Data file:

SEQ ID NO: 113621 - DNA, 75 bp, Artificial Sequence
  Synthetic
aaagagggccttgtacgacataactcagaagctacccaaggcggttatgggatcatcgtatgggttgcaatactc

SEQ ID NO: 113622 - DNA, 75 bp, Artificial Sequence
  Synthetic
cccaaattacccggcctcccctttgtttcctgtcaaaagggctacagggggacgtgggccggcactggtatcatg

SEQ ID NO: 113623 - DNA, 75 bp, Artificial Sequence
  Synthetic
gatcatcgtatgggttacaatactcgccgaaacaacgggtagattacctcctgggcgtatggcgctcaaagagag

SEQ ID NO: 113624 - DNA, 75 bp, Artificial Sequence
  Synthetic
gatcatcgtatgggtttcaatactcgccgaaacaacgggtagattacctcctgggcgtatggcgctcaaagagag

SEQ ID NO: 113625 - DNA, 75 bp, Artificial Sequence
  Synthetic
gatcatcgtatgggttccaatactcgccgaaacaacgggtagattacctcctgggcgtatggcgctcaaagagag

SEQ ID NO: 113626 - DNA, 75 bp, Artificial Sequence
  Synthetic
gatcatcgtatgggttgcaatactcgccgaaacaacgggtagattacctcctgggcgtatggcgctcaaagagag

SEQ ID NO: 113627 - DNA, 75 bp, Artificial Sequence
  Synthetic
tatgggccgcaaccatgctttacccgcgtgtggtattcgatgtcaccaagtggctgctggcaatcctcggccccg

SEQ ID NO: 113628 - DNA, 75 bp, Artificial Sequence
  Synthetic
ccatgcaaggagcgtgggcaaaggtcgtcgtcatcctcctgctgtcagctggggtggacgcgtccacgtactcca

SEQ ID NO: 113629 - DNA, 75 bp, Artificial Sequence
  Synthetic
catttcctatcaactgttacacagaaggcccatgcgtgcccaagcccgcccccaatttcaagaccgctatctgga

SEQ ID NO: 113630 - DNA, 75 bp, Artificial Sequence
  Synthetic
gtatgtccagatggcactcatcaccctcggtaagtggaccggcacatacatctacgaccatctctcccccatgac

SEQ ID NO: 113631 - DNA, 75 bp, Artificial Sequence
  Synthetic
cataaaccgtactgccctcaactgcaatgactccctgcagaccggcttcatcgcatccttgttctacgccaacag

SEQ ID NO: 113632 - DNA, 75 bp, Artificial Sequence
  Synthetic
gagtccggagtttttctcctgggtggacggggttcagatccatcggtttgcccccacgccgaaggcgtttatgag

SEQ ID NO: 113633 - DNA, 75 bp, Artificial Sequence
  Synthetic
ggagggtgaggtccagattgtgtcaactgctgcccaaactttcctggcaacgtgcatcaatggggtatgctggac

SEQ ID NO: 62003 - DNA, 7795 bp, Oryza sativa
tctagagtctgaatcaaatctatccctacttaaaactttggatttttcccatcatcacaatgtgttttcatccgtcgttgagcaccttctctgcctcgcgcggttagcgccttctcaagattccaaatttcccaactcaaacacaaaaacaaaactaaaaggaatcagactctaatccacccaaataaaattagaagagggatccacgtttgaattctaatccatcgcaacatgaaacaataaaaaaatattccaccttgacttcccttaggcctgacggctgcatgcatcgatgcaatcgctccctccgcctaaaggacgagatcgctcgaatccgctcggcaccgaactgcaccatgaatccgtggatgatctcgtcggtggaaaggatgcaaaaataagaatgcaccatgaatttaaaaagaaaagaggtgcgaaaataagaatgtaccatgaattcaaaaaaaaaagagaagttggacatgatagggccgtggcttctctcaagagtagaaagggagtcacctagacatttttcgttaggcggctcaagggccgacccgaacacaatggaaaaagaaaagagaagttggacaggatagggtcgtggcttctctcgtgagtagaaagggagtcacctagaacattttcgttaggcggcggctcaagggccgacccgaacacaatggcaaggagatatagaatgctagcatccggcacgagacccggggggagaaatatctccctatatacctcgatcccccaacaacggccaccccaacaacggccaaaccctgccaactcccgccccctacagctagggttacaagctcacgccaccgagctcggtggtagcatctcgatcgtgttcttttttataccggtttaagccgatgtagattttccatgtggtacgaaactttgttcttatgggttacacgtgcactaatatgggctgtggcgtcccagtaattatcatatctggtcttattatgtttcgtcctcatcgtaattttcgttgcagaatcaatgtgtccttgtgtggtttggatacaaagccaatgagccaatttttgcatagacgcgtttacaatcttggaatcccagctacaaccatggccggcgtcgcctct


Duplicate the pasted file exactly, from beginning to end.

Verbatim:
SEQ ID NO: 113621 - DNA, 75 bp, Artificial Sequence
  Synthetic
aaagagggccttgtacgacataactcagaagctacccaaggcggttatgggatcatcgtatgggttgcaatactc

SEQ ID NO: 113622 - DNA, 75 bp, Artificial Sequence
  Synthetic
cccaaattacccggcctcccctttgtttcctgtcaaaagggctacagggggacgtgggccggcactggtatcatg

SEQ ID NO: 113623 - DNA, 75 bp, Artificial Sequence
  Synthetic
gatcatcgtatgggttacaatactcgccgaaacaacgggtagattacctcctgggcgtatggcgctcaaagagag

SEQ ID NO: 113624 - DNA, 75 bp, Artificial Sequence
  Synthetic
gatcatcgtatgggtttcaatactcgccgaaacaacgggtagattacctcctgggcgtatggcgctcaaagagag

SEQ ID NO: 113625 - DNA, 75 bp, Artificial Sequence
  Synthetic
gatcatcgtatgggttccaatactcgccgaaacaacgggtagattacctcctgggcgtatggcgctcaaagagag

SEQ ID NO: 113626 - DNA, 75 bp, Artificial Sequence
  Synthetic
gatcatcgtatgggttgcaatactcgccgaaacaacgggtagattacctcctgggcgtatggcgctcaaagagag

SEQ ID NO: 113627 - DNA, 75 bp, Artificial Sequence
  Synthetic
tatgggccgcaaccatgctttacccgcgtgtggtattcgatgtcaccaagtggctgctggcaatcctcggccccg

SEQ ID NO: 113628 - DNA, 75 bp, Artificial Sequence
  Synthetic
ccatgcaaggagcgtgggcaaaggtcgtcgtcatcctcctgctgtcagctggggtggacgcgtccacgtactcca

SEQ ID NO: 113629 - DNA, 75 bp, Artificial Sequence
  Synthetic
catttcctatcaactgttacacagaaggcccatgcgtgcccaagcccgcccccaatttcaagaccgctatctgga

SEQ ID NO: 113630 - DNA, 75 bp, Artificial Sequence
  Synthetic
gtatgtccagatggcactcatcaccctcggtaagtggaccggcacatacatctacgaccatctctcccccatgac

SEQ ID NO: 113631 - DNA, 75 bp, Artificial Sequence
  Synthetic
cataaaccgtactgccctcaactgcaatgactccctgcagaccggcttcatcgcatccttgttctacgccaacag

SEQ ID NO: 113632 - DNA, 75 bp, Artificial Sequence
  Synthetic
gagtccggagtttttctcctgggtggacggggttcagatccatcggtttgcccccacgccgaaggcgtttatgag

SEQ ID NO: 113633 - DNA, 75 bp, Artificial Sequence
  Synthetic
ggagggtgaggtccagattgtgtcaactgctgcccaaactttcctggcaacgtgcatcaatggggtatgctggac

SEQ ID NO: 62003 - DNA, 7795 bp, Oryza sativa
tctagagtctgaatcaaatctatccctacttaaaactttggatttttcccatcatcacaatgtgttttcatccgtcgttgagcaccttctctgcctcgcgcggttagcgccttctcaagattccaaatttcccaactcaaacacaaaaacaaaactaaaaggaatcagactctaatccacccaaataaaattagaagagggatccacgtttgaattctaatccatcgcaacatgaaacaataaaaaaatattccaccttgacttcccttaggcctgacggctgcatgcatcgatgcaatcgctccctccgcctaaaggacgagatcgctcgaatccgctcggcaccgaactgcaccatgaatccgtggatgatctcgtcggtggaaaggatgcaaaaataagaatgcaccatgaatttaaaaagaaaagaggtgcgaaaataagaatgtaccatgaattcaaaaaaaaaagagaagttggacatgatagggccgtggcttctctcaagagtagaaagggagtcacctagacatttttcgttaggcggctcaagggccgacccgaacacaatggaaaaagaaaagagaagttggacaggatagggtcgtggcttctctcgtgagtagaaagggagtcacctagaacattttcgttaggcggcggctcaagggccgacccgaacacaatggcaaggagatatagaatgctagcatccggcacgagacccggggggagaaatatctccctatatacctcgatcccccaacaacggccaccccaacaacggccaaaccctgccaactcccgccccctacagctagggttacaagctcacgccaccgagctcggtggtagcatctcgatcgtgttcttttttataccggtttaagccgatgtagattttccatgtggtacgaaactttgttcttatgggttacacgtgcactaatatgggctgtggcgtcccagtaattatcatatctggtcttattatgtttcgtcctcatcgtaattttcgttgcagaatcaatgtgtccttgtgtggtttggatacaaagccaatgagccaatttttgcatagacgcgtttacaatcttggaatcccagctacaaccatggccggcgtcgcctct